An artillery shell containing the nerve agent sarin exploded near a U.S. military convoy in Baghdad recently, releasing a small amount of the deadly chemical and slightly injuring two ordnance disposal experts, a top U.S. military official in Iraq said yesterday.
The discovery of the nerve agent, reported yesterday by a team that has been searching for weapons of mass destruction in Iraq since shortly after last year's U.S.-led invasion, marked the first time the team has found one of the types of weapons that the Bush administration cited as initial justification for toppling the government of Saddam Hussein.
But weapons experts cautioned that the shell appeared to predate the 1991 Persian Gulf War and did not necessarily mean that Hussein possessed hidden stockpiles of chemical munitions.
Army Brig. Gen. Mark Kimmitt, the chief U.S. military spokesman in Iraq, told reporters in Baghdad that the Iraq Survey Group confirmed yesterday that it had found a 155mm artillery shell containing sarin.
Kimmitt said the round containing the nerve agent had been rigged as a roadside bomb, or improvised explosive device, but was discovered by a U.S. military convoy.
"A detonation occurred before the IED could be rendered inoperable," Kimmitt said. "This produced a very small dispersal of agent. . . . Two explosive ordnance team members were treated for minor exposure to nerve agent as a result of the partial detonation of the round."
He said the explosion occurred "in Baghdad a couple of days ago" and that he could not be more specific.
Experts familiar with Iraq's chemical weapons program said the shell was likely a leftover from Hussein's pre-Gulf War stockpile. Iraq acknowledged producing nearly 800 tons of sarin and thousands of sarin-filled rockets and artillery shells between 1984 and 1990.
The experts, including David Kay, the Pentagon's former top weapons hunter in Iraq, said the discovery did not conclusively prove the existence of stockpiles of concealed chemical and biological weapons.
"The question is: Was it part of a cache that contains another ten or twenty of these, or is it one of a kind?" said Raymond Zilinskas, a former U.N. weapons inspector in Iraq and now director of the Chemical and Biological Weapons Nonproliferation Program at the Monterey Institute of International Studies in California. "We have no way of knowing the answer at this point."
Kay, the former leader of the Iraq Survey Group, said the shell was likely one of thousands produced for the Iran-Iraq war. While the Hussein government claimed that all leftover chemical munitions had been destroyed in accordance with U.N. Security Council requirements, it is possible that some were overlooked, hidden or stolen. Before the U.S.-led invasion last year, U.N. weapons inspectors found several empty chemical warheads for rockets and a small number of artillery shells filled with mustard gas.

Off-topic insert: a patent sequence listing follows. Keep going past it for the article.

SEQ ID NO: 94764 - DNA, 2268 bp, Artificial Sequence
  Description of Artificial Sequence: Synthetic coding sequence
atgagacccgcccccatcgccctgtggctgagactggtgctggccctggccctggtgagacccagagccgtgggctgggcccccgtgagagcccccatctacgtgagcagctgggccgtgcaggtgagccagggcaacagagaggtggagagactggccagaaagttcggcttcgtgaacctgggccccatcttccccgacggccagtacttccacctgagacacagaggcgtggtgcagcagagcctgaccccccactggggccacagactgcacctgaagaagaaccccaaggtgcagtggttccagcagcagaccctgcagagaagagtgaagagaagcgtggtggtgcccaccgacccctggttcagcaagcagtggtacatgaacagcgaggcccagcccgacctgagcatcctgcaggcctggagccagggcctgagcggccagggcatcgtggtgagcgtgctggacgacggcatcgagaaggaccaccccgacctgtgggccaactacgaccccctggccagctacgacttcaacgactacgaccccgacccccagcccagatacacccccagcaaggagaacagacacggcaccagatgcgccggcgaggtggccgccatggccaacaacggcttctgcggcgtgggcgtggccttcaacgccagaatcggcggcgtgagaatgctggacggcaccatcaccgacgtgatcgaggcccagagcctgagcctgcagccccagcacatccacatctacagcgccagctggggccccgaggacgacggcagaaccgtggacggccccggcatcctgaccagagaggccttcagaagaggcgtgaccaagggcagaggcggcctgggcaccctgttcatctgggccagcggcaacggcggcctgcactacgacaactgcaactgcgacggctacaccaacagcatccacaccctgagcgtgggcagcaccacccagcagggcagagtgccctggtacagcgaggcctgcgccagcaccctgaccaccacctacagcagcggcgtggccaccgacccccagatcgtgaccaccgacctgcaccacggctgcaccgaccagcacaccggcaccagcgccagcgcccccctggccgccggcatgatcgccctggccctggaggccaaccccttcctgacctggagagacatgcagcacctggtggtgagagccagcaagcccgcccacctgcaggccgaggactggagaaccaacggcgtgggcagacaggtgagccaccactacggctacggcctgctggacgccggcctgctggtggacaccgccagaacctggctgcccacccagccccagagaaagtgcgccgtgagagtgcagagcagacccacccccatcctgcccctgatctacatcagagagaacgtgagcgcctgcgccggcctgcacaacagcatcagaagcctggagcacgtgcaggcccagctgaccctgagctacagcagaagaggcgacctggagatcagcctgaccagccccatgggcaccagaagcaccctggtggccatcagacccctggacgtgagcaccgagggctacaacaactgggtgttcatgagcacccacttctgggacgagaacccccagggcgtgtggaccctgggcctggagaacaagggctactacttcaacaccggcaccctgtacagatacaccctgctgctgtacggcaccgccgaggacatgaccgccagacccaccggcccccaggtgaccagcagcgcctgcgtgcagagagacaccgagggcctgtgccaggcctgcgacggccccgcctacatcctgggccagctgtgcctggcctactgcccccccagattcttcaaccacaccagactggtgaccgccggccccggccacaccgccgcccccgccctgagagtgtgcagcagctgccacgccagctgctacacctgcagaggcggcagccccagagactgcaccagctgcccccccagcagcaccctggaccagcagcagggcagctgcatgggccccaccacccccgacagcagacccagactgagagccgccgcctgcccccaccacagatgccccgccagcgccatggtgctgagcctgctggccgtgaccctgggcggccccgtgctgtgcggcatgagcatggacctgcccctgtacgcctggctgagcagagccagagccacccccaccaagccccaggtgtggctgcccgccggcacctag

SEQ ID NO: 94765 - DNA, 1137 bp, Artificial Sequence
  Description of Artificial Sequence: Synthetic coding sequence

"This shell may have been scavenged from one of the many munitions storage depots all over the country," said Kay. He said some munitions depots are still not adequately protected.
In Washington, Defense Secretary Donald H. Rumsfeld reacted cautiously to the news, saying he preferred to wait for further testing before commenting on the significance of the discovery.
"We have to be careful," he said during an appearance at the Heritage Foundation in Washington. "We can't say something that's inaccurate." He said investigators have to track down the origin of the artillery shell and "figure out . . . what caused that to be there in this improvised explosive device and what might it mean in terms of the risks to our forces, the risks to other people and any other implications that one might draw."
Kimmitt said the chemical shell was "an old binary type requiring the mixing of two chemical components in separate sections of the cell before the deadly agent is produced." He said the shell, which reportedly was not marked as a chemical round, was designed to work as such a weapon after being fired from an artillery piece, which would cause two chemicals to mix together in flight. But he said the mixing and dispersal of the sarin when the shell is used as a roadside bomb "is very limited."
He noted that "the former regime had declared all such rounds destroyed before the 1991 Gulf War."
It was not immediately clear who had planted the bomb or whether the perpetrators had known that the artillery shell contained a nerve agent.
Kimmitt said he believed that whoever rigged the shell as a roadside bomb did not know it contained chemicals. He said the bomb was "virtually ineffective as a chemical weapon."
Kimmitt said he would leave it to the Iraq Survey Group to determine whether the discovery of the sarin in the artillery shell represents confirmation that Hussein possessed stockpiles of chemical weapons. The 1,200-member Iraq Survey Group had not previously found any of the weapons of mass destruction that U.S. intelligence said Hussein was hiding, although the team found evidence of "program activities" related to such weapons.
Sarin, a liquid nerve agent, causes convulsions, paralysis and asphyxiation. It reportedly was used by Hussein against Iranian forces in the Iran-Iraq war in the 1980s and against Iraqi Kurdish civilians.
Kimmitt said the area in Baghdad where the artillery shell exploded was minimally affected because the binary chemicals that produce the sarin "were not allowed to mix." He said there were "very, very small traces" of the nerve agent as a result of the detonation and that personnel involved in explosive ordnance disposal went to the site and later "showed some minor indications of nerve poisoning." But the exposure was so minor that they were later released, and the area did not need to be decontaminated, he said.
"It was a weapon that we believe was stocked from the ex-regime time, and it had been thought to be an ordinary artillery shell set up to explode like an ordinary IED," Kimmitt said.